In 1947, Mariaschin was signed by the Boston Celtics to play in the BAA, averaging 7.7 points in 43 games.
Drafted Harvard Graduates Who Did Not Play in the NBA
It’s every basketeer’s dream to play in the NBA; for some Harvard graduates, it came into fruition; other drafted Harvard graduates made an about turn before stepping onto the playing court and pursuing their passion.
Let us look at some of these guys.
George Jost Hauptfuhrer, Jr. was a third pick by the Boston Celtics in the i948 BAA drafted but preferred a career as a lawyer.
The San Antonio Spurs chose Glenn Alan Fine as their tenth pick in the 1979 NBA draft but opted for an Oxford University Scholarship.
Fine was a former Inspector General (IG) of the U.S. Department of Justice (DOJ). Before his appointment, Fine was the special counsel to the DOJ Inspector General.
In the NBA 1979 draft, Dale Dover was the ninth pick of the Boston Celtics in round 10.
After spending a month in the Boston training camp, Dover found professional basketball, not to his liking. Dover shifted to a coaching job and guided an obscure Portuguese team to a national championship.
Other NBA Players Who Went to Ivy League Schools
The Ivy League is an American collegiate athletic conference composed of eight private universities. Ivy League goes beyond sports competition; it connotes top schools with a reputation for solid academic excellence, selective student acceptance, and social elitism.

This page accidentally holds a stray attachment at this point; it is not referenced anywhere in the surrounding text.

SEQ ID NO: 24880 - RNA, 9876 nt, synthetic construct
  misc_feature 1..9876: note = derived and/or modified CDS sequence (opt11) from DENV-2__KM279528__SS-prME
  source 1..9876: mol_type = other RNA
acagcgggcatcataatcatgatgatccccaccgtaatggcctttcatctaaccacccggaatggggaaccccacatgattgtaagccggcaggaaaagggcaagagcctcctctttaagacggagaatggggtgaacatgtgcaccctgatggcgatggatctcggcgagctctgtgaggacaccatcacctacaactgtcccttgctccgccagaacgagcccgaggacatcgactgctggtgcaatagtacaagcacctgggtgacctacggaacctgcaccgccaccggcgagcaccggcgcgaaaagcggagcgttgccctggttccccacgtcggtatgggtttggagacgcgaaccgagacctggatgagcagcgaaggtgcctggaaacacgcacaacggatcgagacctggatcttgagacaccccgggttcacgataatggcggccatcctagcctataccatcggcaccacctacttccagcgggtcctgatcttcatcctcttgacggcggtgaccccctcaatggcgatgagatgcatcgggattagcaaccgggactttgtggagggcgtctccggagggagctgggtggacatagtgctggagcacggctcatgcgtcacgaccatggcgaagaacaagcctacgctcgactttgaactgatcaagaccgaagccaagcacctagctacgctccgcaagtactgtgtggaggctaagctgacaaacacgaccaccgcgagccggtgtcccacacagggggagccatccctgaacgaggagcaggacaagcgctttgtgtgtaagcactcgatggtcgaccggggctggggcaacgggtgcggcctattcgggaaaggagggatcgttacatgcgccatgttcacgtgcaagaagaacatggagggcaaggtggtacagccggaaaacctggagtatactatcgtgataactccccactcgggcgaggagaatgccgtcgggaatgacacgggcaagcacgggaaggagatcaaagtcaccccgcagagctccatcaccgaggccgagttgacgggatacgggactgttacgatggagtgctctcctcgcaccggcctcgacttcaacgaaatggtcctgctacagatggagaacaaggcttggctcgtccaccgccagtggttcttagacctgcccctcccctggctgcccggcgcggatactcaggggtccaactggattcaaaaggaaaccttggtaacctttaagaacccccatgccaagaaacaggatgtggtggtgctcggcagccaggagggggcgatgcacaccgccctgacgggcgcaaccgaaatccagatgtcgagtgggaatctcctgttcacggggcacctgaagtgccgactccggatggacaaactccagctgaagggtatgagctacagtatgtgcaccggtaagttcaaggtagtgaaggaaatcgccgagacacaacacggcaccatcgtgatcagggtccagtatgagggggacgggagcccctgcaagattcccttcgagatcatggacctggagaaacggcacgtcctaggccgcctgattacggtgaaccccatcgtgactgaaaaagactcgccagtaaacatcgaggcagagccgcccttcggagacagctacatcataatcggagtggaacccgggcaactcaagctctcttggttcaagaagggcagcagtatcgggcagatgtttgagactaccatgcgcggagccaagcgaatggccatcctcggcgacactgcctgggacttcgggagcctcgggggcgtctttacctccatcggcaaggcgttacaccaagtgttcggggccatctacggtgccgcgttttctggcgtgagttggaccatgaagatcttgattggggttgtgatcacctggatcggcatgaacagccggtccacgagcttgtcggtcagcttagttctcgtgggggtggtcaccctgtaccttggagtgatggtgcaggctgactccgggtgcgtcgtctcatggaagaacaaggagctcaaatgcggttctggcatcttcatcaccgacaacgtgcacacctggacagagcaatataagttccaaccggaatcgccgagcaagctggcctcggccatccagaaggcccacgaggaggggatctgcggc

The members are:
- Brown University
- Columbia University
- Cornell University
- Dartmouth College
- Harvard University
- University of Pennsylvania
- Princeton University
- Yale University
The Ivies focus more on classroom training than sports programs. Despite that, many NBA players from Ivy League schools carved a name for themselves in the world of basketball and have shown that life offers more after basketball.
William Warren Bradley, or Bill Bradley in basketball circles, is a 1965 Princeton graduate. Bradley was drafted by New York Knicks in the same year and played over 742 games with the team until his retirement in 1977.
Bradley averaged 12.1 points per game, was a 1964 Olympic gold medalist, inducted into the Hall of Fame in 1983, a two-peat (1971-73) NBA champion, and a one-time All-Star.
After his retirement, he turned to politics and was elected a senator in 1978. Bradley served three six year-terms as a senator and made a run for the U.S. presidency in 1999 but lost the nomination to Vice-President Al Gore.
Geoffrey Michael Petrie earned his diploma at Princeton university in 1970. Petrie was the eighth pick in the first round by the Portland Trail Blazers in the 1970 rookie draft.
Petrie scored two-51 point games and held the Blazers’ scoring record until Damon Stoudamire made 54 in 2005. Petrie was co-named Rookie of the Year with Dave Cowens of the Boston Celtics. He was traded to the Atlanta Hawks in the 1975-76 season, but Petrie could not play a single game due to a career-ending knee injury.
Petrie worked for the private sector after his forced retirement. He received the NBA Executive of the Year Award twice as president. In 1985 he went back to the Blazers as a radio commentator and worked to be the senior vice president for operations. In 1994, the Sacramento Kings assigned Petrie as president for basketball operations until season 2012-13.
Wrapping Things Up: NBA Players that Went to Harvard
Fame and fortune are athletes’ rewards for playing in the NBA during their prime. What happens when their basketball career is over?
Only one LeBron James didn’t have to worry about finances when he hung his jersey, even without a college diploma. The four NBA players who graduated from Harvard led a life full of opportunities after they retired from the league.
Players are good during their prime; past it, net worth declines. Ivy League graduates can look forward to favorable possibilities after retirement.